The FAA Challenge for College Students

From left to right, John Dulski, Mihir Patel and Harley Jiang are all academic freshmen in UND’s commercial aviation program. This past fall, they came together to create a potentially winning concept for a national design competition. Photo by Connor Murphy/UND Today.

At one time, IBM’s Watson Labs had a common area wall adjacent to the cafeteria where ideas were written down on a chalk board for other scientists to look at and comment on. Then Watson Labs did an interesting thing, they added an idea wall inside the reception area and the ideas became bolder and revolutionary rather than evolutionary.    

Why did this happen? As it turned out, many visitors were interns or other young and aspiring engineers and scientists, and we all know what that means; ideas and thinking that were outside the existing plans and processes and without the pressure of failure. 

We also know that as careers age, so does the inclination to take risks. Paying off mortgages and  college tuitions are great incentives in risk reduction and proposing change only when sure you are treading on safe ground. 

The road to success and profitability for any company or for any government agency is to maintain a healthy and open attitude about change. They need to keep on changing as the people they service change. For private business, it is how you stay alive, and not end up laying off thousands of people, and for government or government agencies, it is how you stay relevant. 

The FAA is sponsoring the “FAA Challenge” to recognize students with the ability to demonstrate innovative thinking focused on improving the efficiency, effectiveness, and utilization of smart technology in and around the airport environment while enhancing the overall traveling experience.

The FAA is using this competition to stimulate and advance innovation in aviation research; promote the development of a robust aviation workforce to support a growing and evolving aerospace system; develop a pipeline to fill current and projected shortages via partnerships with academia and industry; and to drive a passion for aviation in today’s youth of all ages and backgrounds.

The total cash prize is $25,000. Travel Reimbursement up to $6,000 will be awarded to each of the three finalist teams to help offset the cost of traveling to the 2021 FAA Challenge Forum and Awards Ceremony to demonstrate their concepts. A $25,000 prize will be presented to the lead university of the winning team.

The FAA intends to incentivize university-level students at accredited United States-based colleges and universities to think creatively in developing solutions to transportation technology challenges while addressing the human factors aspects of the traveler’s experience, and to share those innovations with the broader community.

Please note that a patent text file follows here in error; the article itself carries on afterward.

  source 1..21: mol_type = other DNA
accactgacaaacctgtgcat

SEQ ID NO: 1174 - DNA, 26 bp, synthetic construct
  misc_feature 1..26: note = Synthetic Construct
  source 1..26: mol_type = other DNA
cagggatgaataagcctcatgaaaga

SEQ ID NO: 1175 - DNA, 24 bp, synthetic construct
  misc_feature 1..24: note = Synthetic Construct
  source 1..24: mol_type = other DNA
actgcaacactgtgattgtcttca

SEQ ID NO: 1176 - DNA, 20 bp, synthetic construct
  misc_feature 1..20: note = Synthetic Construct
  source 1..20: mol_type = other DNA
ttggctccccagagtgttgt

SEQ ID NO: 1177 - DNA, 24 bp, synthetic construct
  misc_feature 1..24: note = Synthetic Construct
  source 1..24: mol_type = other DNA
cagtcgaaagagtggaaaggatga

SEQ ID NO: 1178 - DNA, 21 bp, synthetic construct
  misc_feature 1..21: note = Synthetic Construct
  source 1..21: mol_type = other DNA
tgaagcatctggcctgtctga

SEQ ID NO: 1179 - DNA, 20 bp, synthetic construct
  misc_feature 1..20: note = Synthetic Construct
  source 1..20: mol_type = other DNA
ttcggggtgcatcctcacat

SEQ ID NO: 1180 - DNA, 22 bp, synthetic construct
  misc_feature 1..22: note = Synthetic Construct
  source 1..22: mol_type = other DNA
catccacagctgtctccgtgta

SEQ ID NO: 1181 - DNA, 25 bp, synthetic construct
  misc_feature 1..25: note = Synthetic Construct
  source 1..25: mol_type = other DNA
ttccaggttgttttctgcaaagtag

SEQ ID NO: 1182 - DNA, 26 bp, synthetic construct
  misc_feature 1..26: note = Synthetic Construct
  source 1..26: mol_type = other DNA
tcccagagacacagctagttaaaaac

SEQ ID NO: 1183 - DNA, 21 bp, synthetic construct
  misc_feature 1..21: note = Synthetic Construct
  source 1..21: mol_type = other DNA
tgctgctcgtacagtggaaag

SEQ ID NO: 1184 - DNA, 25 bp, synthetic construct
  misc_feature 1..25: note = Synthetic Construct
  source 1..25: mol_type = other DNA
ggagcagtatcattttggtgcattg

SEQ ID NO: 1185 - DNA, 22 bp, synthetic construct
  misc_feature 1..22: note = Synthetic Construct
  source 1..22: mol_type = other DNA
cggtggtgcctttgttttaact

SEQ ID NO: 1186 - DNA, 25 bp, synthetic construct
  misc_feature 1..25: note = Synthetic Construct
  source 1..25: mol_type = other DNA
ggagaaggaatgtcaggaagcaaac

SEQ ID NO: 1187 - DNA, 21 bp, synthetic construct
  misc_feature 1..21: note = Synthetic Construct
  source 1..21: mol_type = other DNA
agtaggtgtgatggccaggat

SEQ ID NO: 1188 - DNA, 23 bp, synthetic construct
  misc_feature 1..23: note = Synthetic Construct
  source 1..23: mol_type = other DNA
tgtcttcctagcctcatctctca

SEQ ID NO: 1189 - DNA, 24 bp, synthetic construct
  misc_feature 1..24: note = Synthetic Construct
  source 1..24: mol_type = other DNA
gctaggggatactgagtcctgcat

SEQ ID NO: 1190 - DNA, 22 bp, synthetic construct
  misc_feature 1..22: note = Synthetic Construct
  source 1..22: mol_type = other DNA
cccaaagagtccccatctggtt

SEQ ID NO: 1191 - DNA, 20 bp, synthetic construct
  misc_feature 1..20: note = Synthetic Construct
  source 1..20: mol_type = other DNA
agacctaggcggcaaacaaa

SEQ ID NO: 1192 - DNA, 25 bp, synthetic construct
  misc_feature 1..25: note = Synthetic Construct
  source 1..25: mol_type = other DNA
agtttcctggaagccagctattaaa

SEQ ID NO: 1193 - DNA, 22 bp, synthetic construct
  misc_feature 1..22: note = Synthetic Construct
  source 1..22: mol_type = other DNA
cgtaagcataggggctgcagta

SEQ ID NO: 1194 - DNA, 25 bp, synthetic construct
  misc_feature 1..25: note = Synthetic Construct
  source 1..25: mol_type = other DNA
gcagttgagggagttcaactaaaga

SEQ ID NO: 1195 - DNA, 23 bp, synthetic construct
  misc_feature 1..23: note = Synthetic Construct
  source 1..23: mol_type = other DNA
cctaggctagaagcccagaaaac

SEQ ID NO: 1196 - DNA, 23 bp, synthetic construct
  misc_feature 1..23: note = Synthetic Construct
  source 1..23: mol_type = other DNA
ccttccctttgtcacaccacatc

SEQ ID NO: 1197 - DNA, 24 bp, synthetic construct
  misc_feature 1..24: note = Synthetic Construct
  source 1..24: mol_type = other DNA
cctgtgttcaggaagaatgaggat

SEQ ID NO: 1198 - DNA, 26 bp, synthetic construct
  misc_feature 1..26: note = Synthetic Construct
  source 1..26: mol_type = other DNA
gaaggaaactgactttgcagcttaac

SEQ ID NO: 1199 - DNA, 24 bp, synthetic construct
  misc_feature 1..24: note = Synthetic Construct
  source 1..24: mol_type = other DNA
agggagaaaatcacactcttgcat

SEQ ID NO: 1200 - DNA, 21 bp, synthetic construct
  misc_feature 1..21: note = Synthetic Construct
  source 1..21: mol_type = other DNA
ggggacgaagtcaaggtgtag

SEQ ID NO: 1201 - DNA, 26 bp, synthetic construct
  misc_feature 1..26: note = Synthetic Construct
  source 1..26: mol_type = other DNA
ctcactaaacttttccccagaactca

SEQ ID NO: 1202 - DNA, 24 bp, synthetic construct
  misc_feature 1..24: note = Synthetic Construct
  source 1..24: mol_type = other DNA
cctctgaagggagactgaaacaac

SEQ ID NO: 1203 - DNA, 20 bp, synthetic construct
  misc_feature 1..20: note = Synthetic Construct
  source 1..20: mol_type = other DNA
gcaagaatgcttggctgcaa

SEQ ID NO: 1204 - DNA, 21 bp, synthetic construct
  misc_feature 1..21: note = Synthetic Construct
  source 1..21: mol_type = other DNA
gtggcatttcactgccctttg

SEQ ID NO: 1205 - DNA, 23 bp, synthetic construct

Universities should consider the cutting-edge needs of the FAA and smart airports of the future, focusing on key emerging technology areas of health-smart airports, Unmanned Aerial Systems (UAS), data analytics, and autonomous robotics systems. 

Each team should propose one (1) of the four (4) following themes:

  • Theme 1: Increased Sanitation and Hygiene Practices for Health-Smart Airports:The COVID-19 pandemic has caused public concern regarding air travel due to potential spread of the virus through human contact, surfaces, and air particles. Smart airports of the future should be designed to reduce the spread of pathogens. Innovative solutions are sought for integrating health screening into the security process. 
  • Theme 2: Innovative Uses for Unmanned Aerial Systems (UAS) at Airports The use of Unmanned Aerial Systems (UAS) has increased exponentially over the past decade. Airports of the future could safely use UAS in a variety of functions.
  • Theme 3: Smart Airport Data Analytics: Data analytics is an emerging field of analyzing raw data in order to make conclusions and is being used nationwide to discover and predict trends. Airports are complex systems rich in data that could be used to improve operations, passenger experience, and safety.
  • Theme 4: Innovative Uses for Autonomous Robotics Systems at Airports: Autonomous and semi-autonomous robotics systems are being used throughout industry to improve productivity and perform potentially hazardous operations. High levels of reliability and trusted autonomy are required for such systems to be integrated into airport operations. 

If anyone in your family is interested in participating in this exciting aviation opportunity, it is important that you understand all the date cut-offs and requirements by going to the FAA website that describes the competition:  2021 FAA Challenge: Smart Airport Student Competition


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